Most people aren’t that tech savvy. While for iPhone users, it’s all about the apps, for Droid users, it’s more about making telephone calls and text messaging. The average Droid user could care less about all the tweaking they can perform. Their barely able to use their phone for phone calls let alone for any advanced feature.

    Apple has removed much of the confusion you find using alternative phones. While Android and especially MS Touch phones are almost designed to be confusing. By making it easy, iPhone users will explore their device, while the users of non-Apple devices are scared and intimidated by the complexities and non-intuitive aspects of their devices, and shy away from exploring features for fear of screwing something up.

    1. “blown way out of proportion”? What data do you have to substantiate your assertion?

      Every Mac and iOS user I know makes tweaks in the control panel. The fact that Apple continues to limit the user-customization options much tighter than the competition has in fact resulted in many popular 3rd party customization software to allow users more control. You honestly believe that iOS users can’t handle it? Bottom line is that Apple software is more than ever being constrained my designers who think their extreme gray minimalism is better than the lifelike, textural, realistic, depth-creating, bordered, legible legacy styles. They are wrong, as the huge wave of disappointment in iOS7 shows.

  4. True be it! I hear people say all the time, “I’m not a fan of Apple”. I don’t understand how you can not be a fan of an entire company and hate all of their products. It’s like religion to some people. Nothing you say will change their mind and it will only strengthen their opposition. No use arguing with such stupidity. I’ll say it again…turn the other cheek, secretly smile to yourself as you walk away, and enjoy the products that you like best when they work every single time.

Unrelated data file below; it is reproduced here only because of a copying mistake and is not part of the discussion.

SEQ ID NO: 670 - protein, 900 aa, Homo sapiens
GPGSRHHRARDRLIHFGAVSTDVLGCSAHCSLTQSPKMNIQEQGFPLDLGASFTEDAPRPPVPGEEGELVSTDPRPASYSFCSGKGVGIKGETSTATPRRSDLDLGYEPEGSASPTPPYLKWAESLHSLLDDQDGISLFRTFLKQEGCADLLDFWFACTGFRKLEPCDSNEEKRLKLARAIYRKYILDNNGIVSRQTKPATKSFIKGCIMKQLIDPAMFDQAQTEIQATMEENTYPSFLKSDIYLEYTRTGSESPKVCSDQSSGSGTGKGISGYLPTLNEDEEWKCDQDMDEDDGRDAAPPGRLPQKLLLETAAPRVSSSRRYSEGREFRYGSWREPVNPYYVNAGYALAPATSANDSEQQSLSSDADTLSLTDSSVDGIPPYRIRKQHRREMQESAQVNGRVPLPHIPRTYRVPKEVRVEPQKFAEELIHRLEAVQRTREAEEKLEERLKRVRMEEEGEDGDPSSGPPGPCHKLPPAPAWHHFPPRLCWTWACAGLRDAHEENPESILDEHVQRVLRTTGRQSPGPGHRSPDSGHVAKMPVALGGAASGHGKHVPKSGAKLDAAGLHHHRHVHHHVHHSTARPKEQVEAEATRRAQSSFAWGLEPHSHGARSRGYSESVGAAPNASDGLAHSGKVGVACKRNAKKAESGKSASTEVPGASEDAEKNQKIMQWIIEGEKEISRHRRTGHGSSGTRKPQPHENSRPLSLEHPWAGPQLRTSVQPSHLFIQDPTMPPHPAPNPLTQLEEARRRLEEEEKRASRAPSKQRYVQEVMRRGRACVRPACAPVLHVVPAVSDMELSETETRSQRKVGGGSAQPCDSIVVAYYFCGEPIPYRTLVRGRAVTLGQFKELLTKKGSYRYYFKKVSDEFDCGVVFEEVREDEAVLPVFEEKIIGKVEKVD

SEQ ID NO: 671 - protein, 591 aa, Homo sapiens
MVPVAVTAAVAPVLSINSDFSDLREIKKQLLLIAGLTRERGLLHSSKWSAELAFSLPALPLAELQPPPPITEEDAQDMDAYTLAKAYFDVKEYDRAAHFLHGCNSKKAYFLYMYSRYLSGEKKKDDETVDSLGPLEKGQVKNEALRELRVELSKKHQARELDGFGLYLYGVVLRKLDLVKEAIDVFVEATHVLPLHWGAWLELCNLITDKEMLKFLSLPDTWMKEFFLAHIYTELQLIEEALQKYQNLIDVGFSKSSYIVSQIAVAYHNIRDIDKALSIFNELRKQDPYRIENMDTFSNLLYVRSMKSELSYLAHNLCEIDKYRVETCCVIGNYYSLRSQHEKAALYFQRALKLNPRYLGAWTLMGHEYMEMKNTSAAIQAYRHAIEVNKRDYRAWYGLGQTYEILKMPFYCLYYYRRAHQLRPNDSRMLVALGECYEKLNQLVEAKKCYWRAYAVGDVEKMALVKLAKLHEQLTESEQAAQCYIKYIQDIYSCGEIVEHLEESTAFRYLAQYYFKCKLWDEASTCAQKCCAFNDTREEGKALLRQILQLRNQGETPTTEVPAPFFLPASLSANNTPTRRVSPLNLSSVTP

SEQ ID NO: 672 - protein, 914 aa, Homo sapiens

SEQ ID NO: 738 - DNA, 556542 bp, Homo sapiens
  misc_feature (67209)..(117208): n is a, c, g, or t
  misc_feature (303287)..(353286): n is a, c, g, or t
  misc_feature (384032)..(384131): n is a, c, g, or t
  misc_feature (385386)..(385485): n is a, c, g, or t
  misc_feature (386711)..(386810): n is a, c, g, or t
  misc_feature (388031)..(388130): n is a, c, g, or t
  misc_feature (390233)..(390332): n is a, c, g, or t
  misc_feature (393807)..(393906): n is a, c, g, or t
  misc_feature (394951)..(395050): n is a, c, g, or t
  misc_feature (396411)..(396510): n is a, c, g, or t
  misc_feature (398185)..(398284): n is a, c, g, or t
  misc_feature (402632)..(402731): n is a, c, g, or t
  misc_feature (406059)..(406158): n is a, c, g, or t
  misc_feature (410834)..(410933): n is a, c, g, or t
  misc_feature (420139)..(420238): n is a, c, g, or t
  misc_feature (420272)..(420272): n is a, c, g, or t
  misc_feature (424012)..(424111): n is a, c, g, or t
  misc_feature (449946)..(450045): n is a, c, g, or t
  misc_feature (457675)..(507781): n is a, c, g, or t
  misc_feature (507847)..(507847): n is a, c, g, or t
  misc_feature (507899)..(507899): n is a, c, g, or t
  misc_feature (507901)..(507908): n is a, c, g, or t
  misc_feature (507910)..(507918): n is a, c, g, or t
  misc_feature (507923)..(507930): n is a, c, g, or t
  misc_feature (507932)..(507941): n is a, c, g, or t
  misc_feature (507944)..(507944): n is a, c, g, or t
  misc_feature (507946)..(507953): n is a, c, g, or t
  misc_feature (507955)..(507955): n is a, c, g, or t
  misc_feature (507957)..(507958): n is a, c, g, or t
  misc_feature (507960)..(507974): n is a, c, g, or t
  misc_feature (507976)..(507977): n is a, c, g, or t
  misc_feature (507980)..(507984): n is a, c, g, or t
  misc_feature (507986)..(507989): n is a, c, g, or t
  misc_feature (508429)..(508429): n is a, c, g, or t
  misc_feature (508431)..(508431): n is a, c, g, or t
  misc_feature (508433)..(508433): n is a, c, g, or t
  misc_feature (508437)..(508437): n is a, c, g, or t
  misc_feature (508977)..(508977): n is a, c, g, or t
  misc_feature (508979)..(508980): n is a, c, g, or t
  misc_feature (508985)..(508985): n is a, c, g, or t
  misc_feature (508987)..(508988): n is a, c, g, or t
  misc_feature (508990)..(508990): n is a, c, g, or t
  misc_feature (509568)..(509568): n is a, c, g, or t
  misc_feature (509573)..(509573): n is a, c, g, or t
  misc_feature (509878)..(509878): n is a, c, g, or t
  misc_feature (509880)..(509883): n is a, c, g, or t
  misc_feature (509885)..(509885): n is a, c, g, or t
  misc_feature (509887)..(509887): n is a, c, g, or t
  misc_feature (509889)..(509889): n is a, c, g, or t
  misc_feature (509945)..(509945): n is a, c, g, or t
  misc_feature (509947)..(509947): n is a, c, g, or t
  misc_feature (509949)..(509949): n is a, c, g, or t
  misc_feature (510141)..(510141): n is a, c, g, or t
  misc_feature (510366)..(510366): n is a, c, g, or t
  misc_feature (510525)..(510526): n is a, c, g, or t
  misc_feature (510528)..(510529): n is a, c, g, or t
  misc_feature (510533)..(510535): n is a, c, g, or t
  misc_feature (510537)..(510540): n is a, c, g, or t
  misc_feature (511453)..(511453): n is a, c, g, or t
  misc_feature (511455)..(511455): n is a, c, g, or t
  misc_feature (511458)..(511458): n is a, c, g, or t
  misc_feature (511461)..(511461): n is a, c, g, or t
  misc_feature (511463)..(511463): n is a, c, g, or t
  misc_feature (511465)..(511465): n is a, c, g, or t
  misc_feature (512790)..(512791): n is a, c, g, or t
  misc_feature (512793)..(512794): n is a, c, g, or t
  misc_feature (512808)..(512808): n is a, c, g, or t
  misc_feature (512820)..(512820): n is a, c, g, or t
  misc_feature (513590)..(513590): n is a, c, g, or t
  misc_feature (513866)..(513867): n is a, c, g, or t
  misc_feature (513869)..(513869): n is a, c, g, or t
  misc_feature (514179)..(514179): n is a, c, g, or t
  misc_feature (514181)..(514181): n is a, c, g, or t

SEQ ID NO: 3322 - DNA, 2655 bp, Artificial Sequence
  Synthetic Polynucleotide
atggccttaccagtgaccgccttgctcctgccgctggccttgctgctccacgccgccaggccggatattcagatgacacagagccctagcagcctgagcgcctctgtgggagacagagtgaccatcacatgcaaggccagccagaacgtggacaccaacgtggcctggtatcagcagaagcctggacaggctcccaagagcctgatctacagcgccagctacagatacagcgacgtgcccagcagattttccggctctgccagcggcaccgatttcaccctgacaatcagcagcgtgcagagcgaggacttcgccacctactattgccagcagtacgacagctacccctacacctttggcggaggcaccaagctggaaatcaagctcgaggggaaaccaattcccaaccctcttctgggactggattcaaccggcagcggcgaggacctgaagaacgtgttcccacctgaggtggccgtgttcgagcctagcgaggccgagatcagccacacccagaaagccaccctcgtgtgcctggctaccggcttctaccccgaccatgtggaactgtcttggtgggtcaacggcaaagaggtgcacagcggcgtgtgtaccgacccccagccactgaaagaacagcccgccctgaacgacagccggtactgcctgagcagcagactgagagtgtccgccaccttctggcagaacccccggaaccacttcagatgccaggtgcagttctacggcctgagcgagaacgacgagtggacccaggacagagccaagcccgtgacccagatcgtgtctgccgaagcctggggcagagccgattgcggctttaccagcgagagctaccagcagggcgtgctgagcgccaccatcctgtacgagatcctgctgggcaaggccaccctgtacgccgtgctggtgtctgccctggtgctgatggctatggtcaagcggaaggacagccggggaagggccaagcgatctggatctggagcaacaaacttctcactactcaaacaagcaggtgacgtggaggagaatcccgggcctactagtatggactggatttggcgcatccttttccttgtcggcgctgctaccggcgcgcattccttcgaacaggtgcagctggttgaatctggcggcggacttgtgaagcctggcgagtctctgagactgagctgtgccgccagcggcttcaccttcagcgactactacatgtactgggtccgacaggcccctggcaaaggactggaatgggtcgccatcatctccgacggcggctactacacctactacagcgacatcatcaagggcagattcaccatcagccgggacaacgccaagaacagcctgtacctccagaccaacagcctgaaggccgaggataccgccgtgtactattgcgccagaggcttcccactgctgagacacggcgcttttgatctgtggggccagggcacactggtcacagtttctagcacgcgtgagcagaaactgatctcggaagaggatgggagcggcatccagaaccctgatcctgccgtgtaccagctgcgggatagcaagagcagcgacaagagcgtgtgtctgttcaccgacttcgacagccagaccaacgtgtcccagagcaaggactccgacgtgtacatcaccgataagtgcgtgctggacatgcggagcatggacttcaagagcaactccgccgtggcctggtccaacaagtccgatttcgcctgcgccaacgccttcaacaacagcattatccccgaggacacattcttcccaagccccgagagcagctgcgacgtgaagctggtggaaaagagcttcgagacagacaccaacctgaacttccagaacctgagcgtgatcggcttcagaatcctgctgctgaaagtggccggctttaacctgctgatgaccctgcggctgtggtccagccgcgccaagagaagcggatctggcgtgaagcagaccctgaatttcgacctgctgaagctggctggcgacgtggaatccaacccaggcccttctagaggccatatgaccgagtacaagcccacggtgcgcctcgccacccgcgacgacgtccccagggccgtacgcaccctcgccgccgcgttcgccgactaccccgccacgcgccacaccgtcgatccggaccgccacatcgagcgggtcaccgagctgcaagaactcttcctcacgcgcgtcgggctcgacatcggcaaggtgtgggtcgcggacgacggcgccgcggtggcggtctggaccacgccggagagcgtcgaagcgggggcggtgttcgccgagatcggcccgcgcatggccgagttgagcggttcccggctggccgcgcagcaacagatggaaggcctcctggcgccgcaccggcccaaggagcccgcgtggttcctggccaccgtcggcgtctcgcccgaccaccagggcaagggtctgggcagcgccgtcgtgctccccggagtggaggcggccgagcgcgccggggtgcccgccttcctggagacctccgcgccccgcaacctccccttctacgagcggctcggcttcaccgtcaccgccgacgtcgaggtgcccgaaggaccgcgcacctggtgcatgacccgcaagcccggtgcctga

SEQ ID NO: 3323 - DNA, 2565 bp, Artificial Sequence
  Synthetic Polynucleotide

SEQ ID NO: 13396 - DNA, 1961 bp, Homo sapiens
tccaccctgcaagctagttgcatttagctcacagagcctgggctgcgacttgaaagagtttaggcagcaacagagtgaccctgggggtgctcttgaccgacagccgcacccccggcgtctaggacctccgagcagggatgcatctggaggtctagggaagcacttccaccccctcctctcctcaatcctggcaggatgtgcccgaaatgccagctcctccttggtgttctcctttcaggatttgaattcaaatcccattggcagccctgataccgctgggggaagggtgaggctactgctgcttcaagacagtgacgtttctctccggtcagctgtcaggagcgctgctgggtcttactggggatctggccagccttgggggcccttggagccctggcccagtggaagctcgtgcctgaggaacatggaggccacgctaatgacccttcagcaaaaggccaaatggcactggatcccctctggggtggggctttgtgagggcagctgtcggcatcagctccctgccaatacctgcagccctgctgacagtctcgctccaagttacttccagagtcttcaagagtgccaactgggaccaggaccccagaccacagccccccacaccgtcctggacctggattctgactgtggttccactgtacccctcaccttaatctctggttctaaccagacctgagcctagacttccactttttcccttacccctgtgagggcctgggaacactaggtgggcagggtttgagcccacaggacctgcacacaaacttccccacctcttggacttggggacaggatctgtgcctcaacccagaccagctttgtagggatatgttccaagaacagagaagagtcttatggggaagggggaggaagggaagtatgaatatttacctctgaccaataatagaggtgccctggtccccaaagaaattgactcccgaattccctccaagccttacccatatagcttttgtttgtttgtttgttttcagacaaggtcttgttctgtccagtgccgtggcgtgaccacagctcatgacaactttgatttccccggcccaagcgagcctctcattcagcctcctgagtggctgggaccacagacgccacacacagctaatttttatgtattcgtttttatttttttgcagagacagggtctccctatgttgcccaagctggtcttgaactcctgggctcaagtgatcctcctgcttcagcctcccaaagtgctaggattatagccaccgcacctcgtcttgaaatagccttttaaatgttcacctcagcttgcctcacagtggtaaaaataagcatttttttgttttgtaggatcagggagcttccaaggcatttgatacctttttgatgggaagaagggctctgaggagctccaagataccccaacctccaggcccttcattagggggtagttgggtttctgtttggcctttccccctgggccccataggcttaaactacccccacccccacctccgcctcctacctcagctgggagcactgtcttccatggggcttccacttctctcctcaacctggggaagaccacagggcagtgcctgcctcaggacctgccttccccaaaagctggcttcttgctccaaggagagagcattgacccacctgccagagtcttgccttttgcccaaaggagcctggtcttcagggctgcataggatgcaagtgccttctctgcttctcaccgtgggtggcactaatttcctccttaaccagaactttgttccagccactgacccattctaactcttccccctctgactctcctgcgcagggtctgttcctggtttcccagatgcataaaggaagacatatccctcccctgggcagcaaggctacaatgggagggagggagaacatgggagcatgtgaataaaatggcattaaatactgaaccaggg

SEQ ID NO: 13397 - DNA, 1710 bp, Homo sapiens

5. The day another company has a better phone, and tablet, and laptop, and set top box, and ecosystem, I’ll kick Apple to the curb and switch. Until then, I’m an Apple lover. It has nothing to do with brand loyalty and has everything to do with the best product at the right time for me. And Apple knows this…that’s why they continue to innovate and integrate.

  6. So why did Forbes entitle the article:
    “The iPhone 5S Review: Probably The Best All-Round Smartphone To Date” ???

    very simply, it is the lackluster appeal of iOS7.

    “While the 5S is geared towards being a mainstream phone with appeal, it’s not perfect. Much of that is down to the software, specifically iOS 7. The reworking of Apple’s mobile operating system has been critiqued from some areas as reducing the functionality of the device, looking like a ‘My First Smartphone’ OS, and reducing the flexibility of the handset. … I could point out the countless changes as a cosmetic level, the loss of highlighting on selectable text options, and the abundance of the white backgrounds and spindly text, this is the almost modernist look that Apple’s Jony Ive has chosen.”

    Ive, you have been warned. iOS 7.1 needs to correct your “modernist look” to “legible all-conditions look”, and, since iOS7 and the 64-bit chip are power hungry, the iPhone 5S and future models will need more battery capacity. See you in 6 months.

  7. Yeah, another great reminder of the unfortunate Tim Cook era at Apple. Best phone ever – in limited supply. It would be one thing if it was by design but it’s by blunder and stupid supply line management.

    ALSO, Mike’s take is spot on. The sissified iOS 7 is a disaster “look” that obscures its great features and functions. Ive’s effort to placate Tim Cook is going down as one of Apple’s worst moments in design.